'Talking contraceptives with mom and grandma'

Carolyn Moynihan
March 9, 2017
Reproduced with Permission

I don't like to harp on about Bill and Melinda Gates, but, honestly, is propaganda for contraception the best they could do for International Women's Day?

In my mail this morning (March 8, US time) was a newsletter headed "Talking contraceptives with mom and grandma". You know, like, "Having scones and jam with mom and grandma," or "Taking a walk in the park with mom and grandma." As nice and feminine as that. Except that it isn't nice and feminine.

Contraception is about sterilising yourself in different ways: overdosing on hormones or having a metal or plastic device poked inside you, for instance; practices designed to make your body like a man's, unable to conceive, except for the times they fail and either destroy a new human life or present you with an unwanted pregnancy.

Now that would be something to discuss with grandma: "Dear Gran, if my contraception failed do you think I should go to Family Planning and get an abortion?" That's if you wnt to completely spoil her day.

There's a video with four grandmother-mom-daughter groups , but none of them had an abortion, although it would have been legal for a few of the younger women who had unplanned pregnancies. It makes you wonder why American women had to turn out in their hundreds of thousands in January to claim their abortion rights.

And the grandmothers are the only ones to talk about marriage and children in the same breath. Their daughters planned and used IUDs and things - and had the odd lapse ("my son was a big oops"). But for the youngest generation (still having unplanned babies occasionally) it's all about education, careers, "being anything I want", and, ideally, achieving all sorts of milestones, including home ownership, before children enter the picture. Being "in control" is big.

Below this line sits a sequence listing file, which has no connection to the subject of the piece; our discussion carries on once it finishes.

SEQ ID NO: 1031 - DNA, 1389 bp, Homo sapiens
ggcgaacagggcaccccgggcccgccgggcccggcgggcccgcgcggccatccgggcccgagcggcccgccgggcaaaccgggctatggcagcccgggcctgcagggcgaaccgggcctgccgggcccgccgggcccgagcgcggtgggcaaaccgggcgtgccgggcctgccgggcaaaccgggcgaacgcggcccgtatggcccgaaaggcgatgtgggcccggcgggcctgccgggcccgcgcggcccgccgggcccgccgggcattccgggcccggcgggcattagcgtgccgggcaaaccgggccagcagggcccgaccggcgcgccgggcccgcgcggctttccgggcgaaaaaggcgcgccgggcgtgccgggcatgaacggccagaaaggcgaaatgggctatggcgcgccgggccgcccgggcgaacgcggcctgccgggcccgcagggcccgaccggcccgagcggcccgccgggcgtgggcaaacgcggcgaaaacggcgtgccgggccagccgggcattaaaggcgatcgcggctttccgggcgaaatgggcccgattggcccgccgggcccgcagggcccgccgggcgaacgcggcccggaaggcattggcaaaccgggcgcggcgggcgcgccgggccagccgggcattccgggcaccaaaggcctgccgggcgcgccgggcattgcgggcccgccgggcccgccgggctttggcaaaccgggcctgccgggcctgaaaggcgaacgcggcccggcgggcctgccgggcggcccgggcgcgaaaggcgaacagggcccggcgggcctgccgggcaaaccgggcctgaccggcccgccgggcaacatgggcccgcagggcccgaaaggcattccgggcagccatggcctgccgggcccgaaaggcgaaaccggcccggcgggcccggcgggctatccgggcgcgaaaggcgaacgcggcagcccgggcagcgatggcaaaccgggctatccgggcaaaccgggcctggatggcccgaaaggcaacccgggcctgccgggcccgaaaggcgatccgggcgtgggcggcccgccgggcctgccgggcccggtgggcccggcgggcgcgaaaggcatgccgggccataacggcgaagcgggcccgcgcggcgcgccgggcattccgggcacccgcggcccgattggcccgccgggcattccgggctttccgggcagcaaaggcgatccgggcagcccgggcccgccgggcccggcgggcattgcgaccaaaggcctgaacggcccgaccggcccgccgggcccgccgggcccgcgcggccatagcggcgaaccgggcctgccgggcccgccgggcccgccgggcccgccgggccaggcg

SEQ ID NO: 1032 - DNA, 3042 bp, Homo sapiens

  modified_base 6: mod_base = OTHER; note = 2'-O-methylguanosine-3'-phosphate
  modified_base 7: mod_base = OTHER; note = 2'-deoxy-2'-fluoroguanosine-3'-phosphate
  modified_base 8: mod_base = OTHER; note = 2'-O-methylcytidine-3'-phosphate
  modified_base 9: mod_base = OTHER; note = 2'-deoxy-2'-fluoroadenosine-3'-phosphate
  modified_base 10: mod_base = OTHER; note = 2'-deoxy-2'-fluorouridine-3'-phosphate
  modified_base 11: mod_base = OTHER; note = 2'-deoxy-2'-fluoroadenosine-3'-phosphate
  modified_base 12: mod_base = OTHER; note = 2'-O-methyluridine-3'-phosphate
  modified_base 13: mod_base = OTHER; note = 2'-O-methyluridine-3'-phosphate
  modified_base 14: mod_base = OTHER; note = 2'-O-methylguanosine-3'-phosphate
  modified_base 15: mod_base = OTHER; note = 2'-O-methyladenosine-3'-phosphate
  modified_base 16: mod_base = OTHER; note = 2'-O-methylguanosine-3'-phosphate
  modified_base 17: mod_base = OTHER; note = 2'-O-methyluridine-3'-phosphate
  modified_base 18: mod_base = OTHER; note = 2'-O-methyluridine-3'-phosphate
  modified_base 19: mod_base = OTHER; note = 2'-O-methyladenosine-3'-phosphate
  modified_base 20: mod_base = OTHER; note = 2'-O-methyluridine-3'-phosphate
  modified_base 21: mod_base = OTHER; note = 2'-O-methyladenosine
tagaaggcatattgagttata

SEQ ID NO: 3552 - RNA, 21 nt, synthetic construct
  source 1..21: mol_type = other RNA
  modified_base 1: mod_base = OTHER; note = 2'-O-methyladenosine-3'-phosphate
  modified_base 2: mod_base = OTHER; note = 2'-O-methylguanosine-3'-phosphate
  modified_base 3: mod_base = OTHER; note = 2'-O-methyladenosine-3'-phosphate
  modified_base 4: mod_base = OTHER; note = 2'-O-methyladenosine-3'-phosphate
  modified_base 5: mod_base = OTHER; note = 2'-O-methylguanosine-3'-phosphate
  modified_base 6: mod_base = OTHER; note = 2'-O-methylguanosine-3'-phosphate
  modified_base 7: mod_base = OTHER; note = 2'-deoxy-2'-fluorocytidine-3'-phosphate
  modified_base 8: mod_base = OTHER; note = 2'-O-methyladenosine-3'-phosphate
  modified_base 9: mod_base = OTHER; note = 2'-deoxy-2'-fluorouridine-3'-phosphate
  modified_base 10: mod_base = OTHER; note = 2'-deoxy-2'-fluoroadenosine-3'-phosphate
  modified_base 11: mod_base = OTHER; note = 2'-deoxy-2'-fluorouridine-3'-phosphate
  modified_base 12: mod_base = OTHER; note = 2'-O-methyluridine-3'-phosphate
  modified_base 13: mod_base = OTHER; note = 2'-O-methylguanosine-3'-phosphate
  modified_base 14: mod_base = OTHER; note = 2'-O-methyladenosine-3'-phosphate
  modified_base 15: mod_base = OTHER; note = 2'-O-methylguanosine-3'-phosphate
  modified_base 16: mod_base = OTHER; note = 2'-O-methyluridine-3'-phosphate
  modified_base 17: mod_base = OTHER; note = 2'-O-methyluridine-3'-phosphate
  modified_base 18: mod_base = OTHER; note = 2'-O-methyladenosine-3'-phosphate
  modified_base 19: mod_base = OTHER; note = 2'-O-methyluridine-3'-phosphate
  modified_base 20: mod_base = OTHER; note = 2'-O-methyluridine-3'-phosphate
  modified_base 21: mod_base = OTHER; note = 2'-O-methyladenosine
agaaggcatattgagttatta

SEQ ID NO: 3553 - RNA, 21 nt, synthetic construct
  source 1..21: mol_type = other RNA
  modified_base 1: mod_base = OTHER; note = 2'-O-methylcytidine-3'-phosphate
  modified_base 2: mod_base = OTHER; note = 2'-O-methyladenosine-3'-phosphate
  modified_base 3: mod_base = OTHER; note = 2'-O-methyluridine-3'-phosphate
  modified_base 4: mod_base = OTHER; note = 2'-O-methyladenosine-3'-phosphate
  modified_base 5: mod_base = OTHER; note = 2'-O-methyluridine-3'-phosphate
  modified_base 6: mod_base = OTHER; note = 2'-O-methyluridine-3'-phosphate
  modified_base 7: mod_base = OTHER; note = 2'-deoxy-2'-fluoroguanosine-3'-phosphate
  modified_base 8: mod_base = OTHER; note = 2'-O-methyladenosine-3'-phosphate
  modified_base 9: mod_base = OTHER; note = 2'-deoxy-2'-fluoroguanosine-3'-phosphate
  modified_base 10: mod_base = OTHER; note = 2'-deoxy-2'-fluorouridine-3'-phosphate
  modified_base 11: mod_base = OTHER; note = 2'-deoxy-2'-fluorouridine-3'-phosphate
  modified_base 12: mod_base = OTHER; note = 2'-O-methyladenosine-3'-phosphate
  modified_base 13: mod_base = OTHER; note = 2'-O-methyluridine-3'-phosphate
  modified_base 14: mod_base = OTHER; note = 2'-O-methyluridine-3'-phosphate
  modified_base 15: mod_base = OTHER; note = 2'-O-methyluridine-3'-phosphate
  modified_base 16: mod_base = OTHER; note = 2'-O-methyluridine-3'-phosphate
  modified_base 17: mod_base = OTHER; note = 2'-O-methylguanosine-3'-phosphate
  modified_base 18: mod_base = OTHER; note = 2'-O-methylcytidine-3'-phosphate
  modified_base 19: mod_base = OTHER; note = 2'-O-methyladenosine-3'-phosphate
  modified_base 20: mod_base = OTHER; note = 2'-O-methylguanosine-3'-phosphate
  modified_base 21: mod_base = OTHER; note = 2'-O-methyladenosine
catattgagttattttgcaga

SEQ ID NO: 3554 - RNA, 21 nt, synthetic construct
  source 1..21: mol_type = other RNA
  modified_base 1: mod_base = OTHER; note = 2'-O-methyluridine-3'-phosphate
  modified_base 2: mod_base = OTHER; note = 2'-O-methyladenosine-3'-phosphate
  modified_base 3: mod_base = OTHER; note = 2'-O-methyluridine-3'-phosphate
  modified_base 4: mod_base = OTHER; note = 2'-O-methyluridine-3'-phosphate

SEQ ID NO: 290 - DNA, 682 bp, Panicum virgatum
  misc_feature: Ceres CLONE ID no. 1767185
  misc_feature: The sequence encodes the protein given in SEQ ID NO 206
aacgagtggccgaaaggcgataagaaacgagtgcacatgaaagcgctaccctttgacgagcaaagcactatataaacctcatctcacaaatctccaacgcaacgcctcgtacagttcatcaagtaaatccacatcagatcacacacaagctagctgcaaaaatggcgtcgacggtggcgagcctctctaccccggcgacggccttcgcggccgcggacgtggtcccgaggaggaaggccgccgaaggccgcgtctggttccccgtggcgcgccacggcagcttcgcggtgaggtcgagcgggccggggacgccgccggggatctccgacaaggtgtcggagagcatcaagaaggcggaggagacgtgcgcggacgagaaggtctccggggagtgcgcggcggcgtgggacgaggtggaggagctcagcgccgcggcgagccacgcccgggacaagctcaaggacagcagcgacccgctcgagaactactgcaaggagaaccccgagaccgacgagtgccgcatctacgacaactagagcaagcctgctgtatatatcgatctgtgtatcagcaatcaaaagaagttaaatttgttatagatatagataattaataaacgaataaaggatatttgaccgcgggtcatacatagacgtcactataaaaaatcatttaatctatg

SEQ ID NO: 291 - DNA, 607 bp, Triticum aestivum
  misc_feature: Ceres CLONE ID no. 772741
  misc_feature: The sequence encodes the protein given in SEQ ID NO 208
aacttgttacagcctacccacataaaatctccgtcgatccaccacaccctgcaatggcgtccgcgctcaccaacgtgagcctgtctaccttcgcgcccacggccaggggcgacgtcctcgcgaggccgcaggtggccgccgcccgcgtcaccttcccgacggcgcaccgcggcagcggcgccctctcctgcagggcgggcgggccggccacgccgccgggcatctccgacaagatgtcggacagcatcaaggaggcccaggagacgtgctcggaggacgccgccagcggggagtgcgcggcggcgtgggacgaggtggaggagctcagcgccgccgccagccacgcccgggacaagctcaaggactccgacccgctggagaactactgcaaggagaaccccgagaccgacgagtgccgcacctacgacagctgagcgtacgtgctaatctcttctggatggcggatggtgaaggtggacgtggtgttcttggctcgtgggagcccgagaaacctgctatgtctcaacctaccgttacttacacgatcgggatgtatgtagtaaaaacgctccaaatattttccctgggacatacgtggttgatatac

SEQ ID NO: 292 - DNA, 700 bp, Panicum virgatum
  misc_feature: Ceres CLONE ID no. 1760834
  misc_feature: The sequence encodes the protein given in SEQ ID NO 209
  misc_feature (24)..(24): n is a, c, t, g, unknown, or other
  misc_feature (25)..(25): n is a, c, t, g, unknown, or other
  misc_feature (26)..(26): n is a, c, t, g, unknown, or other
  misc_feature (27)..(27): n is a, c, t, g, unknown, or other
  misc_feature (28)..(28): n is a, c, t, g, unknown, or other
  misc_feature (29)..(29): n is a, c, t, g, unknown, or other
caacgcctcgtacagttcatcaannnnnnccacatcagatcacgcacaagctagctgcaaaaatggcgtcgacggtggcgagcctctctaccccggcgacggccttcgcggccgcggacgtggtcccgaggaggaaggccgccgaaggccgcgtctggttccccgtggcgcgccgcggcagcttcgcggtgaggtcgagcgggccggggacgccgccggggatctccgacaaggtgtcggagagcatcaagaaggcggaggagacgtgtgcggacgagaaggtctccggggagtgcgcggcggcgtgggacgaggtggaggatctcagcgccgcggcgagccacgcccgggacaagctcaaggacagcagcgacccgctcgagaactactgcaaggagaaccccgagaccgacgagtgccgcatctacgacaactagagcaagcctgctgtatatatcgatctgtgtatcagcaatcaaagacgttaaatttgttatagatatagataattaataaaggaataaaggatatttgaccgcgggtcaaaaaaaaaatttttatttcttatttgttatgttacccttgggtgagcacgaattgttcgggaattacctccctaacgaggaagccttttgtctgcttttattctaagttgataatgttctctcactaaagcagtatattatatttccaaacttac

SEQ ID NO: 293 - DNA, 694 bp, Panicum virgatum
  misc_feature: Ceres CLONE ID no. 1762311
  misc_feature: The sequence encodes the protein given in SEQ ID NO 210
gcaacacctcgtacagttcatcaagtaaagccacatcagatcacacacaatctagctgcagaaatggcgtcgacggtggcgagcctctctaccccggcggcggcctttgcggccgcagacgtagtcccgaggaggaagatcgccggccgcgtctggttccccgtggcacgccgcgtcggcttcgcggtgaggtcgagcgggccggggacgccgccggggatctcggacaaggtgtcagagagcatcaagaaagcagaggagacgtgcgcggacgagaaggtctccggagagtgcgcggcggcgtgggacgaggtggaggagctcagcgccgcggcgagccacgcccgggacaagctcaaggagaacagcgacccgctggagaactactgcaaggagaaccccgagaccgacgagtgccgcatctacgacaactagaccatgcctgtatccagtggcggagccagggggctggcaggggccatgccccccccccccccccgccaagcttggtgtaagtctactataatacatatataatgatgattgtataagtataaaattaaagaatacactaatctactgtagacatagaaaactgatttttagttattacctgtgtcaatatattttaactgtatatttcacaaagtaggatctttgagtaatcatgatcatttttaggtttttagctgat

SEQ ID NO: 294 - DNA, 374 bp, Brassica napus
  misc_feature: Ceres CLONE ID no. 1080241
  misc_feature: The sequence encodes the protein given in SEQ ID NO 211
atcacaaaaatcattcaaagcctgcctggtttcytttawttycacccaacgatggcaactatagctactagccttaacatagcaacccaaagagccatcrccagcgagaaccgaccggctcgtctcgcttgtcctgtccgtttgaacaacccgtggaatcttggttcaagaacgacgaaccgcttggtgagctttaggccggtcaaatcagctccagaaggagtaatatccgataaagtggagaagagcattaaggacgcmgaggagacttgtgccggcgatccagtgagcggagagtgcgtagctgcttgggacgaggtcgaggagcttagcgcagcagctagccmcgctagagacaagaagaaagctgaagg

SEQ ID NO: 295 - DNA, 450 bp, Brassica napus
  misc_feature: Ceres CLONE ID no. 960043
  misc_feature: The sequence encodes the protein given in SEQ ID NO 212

True, the stories start with an English grandma saying how wonderful it is to be a mother, "a privilege", but the poor things really had no choice. And neither, according to Bill and Melinda, do 225 million women in developing countries who "want to time and space their pregnancies, but they don't have access to modern contraceptives."

(Really? That many? Did they ask them all?)

"Let's work to give every woman the chance to lead a healthy and prosperous life," say the Gateses. "When women can plan their futures, everyone benefits."

No-one could disagree with that. But why, if contraception is the key to health, wealth and happiness - and goodness knows, it's been around for 50 years -are there so many women in countries saturated with cheap, often free, "modern contraceptives" who are struggling in poverty to bring up kids on their own?

Has Melinda warned the women she talks to in Africa and India that this is what can happen? And does she tell them straight off that the backstop is abortion, advocated and/or provided by organisations that the Gates Foundation partners with through the Family Planning 2020 coalition?

That network, which up until now, at least, includes US and UK government aid organisations, also had something to advertise on IWD. It's their own riff on international human rights agreements, although some of those "agreements" only exist in the reports of UN committees and not in international treaties.

Family Planning 2020: Rights and Empowerment Principles For Family Planning is an elaboration of the familiar "sexual and reproductive health" agenda. "Abortion rights" are implicit in projects like FP2020, which have an official aura about them, but are often boldly stated by groups like Planned Parenthood, which sponsored the Washington Women's March.

Western governments are shelling out enormous amounts of money for this reproductive health crusade. Yesterday Canadian Prime Minister Justin Trudeau announced that it would be boosted by $650 million from his government - this, hot on the heels of a $20 million commitment to an international abortion fund.

As I've said before, Bill and Melinda do some great things - they also sent out yesterday a feature, Alive Under 5 , highlighting the 50 percent drop in childhood mortality since 1990, which they have assisted. It's a shame to spoil these achievements with a patronising and compromising role in the war on population.